Summer is a great time for K-12 students to experience campus life through ISU’s summer camp programs. Our summer programs give young people an opportunity to learn new skills, meet new friends, and experience life at ISU firsthand. Parent and students, please click aquí for a list of upcoming summer camps. Camp organizers, please click aquí for information about registering your summer program.

Diversity Statement

The Division of University Engagement at Indiana State University has a commitment to inclusion. We provide a welcoming and respectful environment where inclusivity puts diversity into action. As members of the University community, we are committed to meaningful intercultural relationships within our University and with our community partners. We believe that the development of our students, faculty, and staff are best supported in a climate that honors diverse experiences and perspectives.

ISU Conference and Event Services is an active member of:

First Year State Start Up »

New Student Summer Orientation

Canvas Training hosted by the Faculty Center for Teaching Excellence via Zoom- Ally & Accessibility »

This session is dedicated to making sure your Canvas courses are built to the needs of all students. .

Canvas Training hosted by the Faculty Center for Teaching Excellence via Zoom- Rubrics »

Developing a rubric as an assessment tool helps learners know what faculty expect for an assignment. .


Home stadiums

Indiana's two Memorial Stadiums are entirely distinct venues and share only the same name, though never at the same time. The current Memorial Stadium was called Seventeenth Street Football Stadium until 1971, when it was renamed Memorial Stadium and the original stadium was renamed Tenth Street Stadium. Tenth Street Stadium hosted the Little 500 bicycle race until Bill Armstrong Stadium was built in 1981. It was demolished in the same year and its former place on campus is currently occupied by the arboretum.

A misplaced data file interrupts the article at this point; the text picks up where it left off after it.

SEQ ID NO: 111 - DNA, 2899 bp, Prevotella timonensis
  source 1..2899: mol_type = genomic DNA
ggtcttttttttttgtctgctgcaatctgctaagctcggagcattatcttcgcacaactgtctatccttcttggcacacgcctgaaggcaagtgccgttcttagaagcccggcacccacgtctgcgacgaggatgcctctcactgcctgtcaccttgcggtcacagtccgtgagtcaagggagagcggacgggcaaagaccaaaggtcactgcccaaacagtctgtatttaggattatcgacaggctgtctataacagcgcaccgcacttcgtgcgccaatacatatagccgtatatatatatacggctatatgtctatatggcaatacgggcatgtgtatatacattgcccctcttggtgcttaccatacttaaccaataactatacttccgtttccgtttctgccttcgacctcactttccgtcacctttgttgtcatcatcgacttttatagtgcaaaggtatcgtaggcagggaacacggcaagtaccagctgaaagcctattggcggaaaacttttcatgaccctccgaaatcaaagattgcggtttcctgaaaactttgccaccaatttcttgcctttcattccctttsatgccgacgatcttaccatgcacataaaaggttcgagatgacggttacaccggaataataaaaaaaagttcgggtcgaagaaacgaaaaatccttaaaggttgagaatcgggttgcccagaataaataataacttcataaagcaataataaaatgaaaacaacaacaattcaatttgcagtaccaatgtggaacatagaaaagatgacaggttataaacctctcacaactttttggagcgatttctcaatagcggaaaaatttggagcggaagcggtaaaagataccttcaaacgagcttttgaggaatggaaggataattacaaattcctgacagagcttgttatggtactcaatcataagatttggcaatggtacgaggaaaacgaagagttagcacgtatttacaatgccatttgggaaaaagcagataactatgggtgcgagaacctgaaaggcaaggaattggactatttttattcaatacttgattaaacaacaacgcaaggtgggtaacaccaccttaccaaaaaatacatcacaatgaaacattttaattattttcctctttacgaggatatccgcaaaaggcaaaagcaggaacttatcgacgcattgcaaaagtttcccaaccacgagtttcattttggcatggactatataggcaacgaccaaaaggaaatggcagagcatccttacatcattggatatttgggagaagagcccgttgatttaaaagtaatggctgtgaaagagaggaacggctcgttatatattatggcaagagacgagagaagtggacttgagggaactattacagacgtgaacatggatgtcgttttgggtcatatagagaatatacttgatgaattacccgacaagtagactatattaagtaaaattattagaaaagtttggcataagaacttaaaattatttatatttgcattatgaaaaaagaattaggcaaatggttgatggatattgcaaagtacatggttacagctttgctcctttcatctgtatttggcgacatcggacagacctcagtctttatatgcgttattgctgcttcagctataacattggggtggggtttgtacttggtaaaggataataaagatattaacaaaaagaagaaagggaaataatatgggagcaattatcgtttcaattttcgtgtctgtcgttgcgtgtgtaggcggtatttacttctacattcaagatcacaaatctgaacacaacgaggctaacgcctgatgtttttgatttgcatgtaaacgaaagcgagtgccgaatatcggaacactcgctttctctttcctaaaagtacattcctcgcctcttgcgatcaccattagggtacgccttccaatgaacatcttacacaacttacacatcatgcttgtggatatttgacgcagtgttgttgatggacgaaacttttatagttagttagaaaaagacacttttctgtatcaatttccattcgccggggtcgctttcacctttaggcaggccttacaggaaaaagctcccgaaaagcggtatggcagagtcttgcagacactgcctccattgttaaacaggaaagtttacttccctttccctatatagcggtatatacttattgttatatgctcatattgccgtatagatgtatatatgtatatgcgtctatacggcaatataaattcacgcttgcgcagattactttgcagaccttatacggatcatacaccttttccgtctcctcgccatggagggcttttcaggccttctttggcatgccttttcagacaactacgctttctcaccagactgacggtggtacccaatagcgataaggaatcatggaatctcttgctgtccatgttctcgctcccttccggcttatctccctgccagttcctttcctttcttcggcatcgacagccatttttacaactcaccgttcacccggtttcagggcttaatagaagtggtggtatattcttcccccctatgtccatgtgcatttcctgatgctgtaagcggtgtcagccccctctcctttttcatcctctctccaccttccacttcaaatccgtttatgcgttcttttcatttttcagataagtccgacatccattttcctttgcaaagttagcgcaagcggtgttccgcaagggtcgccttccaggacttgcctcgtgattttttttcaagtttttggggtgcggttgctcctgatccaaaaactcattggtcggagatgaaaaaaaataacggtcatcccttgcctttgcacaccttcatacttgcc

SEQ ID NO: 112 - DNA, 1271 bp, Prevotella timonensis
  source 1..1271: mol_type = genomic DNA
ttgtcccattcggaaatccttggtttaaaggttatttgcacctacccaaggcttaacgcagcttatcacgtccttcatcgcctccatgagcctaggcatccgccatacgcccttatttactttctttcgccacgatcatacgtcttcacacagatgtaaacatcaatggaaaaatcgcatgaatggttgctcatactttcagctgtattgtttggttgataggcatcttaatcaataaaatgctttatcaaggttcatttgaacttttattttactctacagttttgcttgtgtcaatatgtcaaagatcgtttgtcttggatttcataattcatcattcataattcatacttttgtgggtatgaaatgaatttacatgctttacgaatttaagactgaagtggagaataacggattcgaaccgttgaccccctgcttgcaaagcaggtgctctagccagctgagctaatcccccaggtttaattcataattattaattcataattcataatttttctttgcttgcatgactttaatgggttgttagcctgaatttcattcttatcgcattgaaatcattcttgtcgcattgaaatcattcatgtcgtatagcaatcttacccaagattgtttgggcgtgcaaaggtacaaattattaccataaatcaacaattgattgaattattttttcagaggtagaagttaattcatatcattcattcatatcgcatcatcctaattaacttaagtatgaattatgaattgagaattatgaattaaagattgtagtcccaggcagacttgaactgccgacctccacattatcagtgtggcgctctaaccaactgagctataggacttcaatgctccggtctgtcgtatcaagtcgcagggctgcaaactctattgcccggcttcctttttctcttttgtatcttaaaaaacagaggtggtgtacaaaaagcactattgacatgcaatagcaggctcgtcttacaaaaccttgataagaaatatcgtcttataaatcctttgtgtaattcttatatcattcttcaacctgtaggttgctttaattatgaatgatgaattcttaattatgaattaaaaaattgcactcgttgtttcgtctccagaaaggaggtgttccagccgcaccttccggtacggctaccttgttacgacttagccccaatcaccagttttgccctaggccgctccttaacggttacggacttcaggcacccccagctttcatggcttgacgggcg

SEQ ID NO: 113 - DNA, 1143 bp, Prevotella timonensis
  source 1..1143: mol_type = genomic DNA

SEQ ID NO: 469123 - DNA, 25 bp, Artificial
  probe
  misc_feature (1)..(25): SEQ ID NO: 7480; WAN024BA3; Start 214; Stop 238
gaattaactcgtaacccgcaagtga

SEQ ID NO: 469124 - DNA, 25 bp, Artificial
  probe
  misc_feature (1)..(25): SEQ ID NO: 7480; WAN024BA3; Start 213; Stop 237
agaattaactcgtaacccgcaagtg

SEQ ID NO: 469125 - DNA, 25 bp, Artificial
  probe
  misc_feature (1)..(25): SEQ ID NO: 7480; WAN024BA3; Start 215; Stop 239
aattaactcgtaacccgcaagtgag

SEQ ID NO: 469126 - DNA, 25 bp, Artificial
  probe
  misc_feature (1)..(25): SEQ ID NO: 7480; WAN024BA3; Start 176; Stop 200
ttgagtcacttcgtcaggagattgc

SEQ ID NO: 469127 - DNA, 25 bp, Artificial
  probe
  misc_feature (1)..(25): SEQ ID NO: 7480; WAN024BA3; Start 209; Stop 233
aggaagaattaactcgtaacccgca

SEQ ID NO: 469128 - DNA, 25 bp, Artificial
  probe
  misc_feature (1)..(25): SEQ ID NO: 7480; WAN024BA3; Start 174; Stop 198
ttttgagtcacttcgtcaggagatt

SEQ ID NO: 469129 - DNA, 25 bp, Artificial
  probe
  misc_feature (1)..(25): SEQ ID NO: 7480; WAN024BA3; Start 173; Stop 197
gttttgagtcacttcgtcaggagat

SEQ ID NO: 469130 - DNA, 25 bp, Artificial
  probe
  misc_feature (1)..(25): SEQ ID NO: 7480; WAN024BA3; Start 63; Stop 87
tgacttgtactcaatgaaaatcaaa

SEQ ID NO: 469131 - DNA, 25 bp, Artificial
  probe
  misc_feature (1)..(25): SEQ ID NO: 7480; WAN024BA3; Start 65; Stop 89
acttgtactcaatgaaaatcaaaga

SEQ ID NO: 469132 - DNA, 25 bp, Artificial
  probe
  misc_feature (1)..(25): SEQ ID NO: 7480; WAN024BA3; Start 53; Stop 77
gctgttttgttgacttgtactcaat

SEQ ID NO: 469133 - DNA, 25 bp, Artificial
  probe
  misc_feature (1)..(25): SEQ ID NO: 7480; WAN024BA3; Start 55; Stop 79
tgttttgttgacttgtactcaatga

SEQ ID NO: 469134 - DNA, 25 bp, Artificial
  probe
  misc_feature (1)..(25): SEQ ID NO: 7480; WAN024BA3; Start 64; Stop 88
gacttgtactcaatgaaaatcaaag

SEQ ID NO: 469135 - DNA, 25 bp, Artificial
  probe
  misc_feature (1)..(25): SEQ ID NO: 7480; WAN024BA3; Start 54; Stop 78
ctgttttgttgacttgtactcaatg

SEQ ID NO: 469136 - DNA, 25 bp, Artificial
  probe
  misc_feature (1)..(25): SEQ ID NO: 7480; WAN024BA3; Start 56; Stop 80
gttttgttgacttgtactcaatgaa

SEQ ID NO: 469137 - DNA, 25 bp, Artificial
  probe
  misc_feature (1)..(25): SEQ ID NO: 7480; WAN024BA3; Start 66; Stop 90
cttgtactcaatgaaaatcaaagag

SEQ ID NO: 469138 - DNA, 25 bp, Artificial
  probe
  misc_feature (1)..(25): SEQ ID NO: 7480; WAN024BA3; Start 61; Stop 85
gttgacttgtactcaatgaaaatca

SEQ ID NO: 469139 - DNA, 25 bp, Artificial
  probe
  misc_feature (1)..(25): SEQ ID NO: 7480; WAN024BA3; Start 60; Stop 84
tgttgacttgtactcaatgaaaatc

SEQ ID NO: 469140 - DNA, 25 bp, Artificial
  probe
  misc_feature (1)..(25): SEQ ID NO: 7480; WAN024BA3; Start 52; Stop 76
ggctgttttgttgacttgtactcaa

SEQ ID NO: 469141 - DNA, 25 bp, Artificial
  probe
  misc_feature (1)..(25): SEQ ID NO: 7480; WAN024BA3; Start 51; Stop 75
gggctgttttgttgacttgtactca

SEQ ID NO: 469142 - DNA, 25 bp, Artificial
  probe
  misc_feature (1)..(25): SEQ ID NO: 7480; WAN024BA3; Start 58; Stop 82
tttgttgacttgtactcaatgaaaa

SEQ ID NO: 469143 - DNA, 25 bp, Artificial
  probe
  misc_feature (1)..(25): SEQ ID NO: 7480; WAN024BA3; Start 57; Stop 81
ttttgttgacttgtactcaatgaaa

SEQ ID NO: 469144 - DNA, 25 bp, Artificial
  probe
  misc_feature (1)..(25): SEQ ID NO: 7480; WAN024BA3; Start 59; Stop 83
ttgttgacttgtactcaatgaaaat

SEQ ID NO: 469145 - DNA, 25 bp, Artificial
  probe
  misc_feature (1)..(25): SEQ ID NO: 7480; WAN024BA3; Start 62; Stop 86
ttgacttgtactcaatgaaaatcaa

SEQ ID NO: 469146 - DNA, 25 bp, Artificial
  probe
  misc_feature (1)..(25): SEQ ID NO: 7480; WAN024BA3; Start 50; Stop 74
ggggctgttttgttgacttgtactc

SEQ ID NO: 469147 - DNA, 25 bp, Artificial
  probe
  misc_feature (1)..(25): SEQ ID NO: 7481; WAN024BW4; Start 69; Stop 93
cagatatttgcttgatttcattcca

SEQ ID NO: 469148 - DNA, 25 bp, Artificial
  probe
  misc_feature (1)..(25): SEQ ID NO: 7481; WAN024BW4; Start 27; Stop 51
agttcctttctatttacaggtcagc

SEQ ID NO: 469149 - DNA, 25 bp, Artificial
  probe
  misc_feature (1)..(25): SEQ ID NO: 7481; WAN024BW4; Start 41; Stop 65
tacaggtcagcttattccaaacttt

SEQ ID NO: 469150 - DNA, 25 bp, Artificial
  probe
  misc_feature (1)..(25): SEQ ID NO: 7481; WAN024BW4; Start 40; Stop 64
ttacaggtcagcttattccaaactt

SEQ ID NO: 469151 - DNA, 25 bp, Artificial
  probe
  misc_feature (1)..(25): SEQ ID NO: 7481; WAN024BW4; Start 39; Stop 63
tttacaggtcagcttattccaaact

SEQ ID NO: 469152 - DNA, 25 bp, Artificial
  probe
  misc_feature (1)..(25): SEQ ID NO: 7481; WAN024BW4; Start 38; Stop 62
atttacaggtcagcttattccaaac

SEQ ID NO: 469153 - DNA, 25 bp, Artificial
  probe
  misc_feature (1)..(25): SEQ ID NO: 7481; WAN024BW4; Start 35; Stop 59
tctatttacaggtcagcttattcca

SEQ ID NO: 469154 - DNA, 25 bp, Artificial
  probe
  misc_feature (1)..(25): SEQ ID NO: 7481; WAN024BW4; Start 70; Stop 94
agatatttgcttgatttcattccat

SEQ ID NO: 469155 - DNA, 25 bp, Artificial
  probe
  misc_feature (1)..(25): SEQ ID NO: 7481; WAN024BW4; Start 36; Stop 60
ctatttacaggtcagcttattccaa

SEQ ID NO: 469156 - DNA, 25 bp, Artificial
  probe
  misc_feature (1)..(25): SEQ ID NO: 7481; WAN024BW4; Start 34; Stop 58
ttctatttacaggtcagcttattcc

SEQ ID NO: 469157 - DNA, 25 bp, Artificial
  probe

1785 to 1849 | 1850 to 1899 | 1900 to 1949 | 1950 to 1974 | 1975 to 1999 | 2000 to 2010 | 2010-present

  • First constitution of Indiana adopted, providing for a general system of education ascending from township schools to a state university.
  • Indiana admitted as a State by Congress, April 16 (President James Madison signs the bill for this act on April 19).
  • Indiana adopts its State constitution, June 28 (superseded in 1851).
  • State legislature established Monroe County and appointed commissioner to locate and name town where courthouse could be situated.
  • Legislative act adopted to establish a state seminary, January 20 (Founder's Day).
  • (July) Board of Trustees selected location for seminary.
  • (April) Classes begin with a first enrollment of ten men.
  • (December 10) Capital of the Territory of Indiana moved from Corydon to Indianapolis.
  • Seminary building completed. Sold and razed in 1858.
  • Stage line opens from Madison to Indianapolis.
  • (January 24) Legislative act adopted changing State Seminary to Indiana College.
  • Andrew Wylie (1829-51) named first president. Wylie accepted the presidency in March 1829 after he was elected by the Board of Trustees on May 4, 1828. He arrived in Bloomington from Washington, Pennsylvania on October 9, 1829 and was inaugurated on October 29, 1829.
  • Construction begins on Indiana's "Michigan Road."
  • First graduating class (James Wilson Dunn, Michael Hummer, James S. Rollins, William Hamilton Stockwell).
  • Preparatory Department established (abolished 1890).
  • Construction of First College building started at Seminary Square.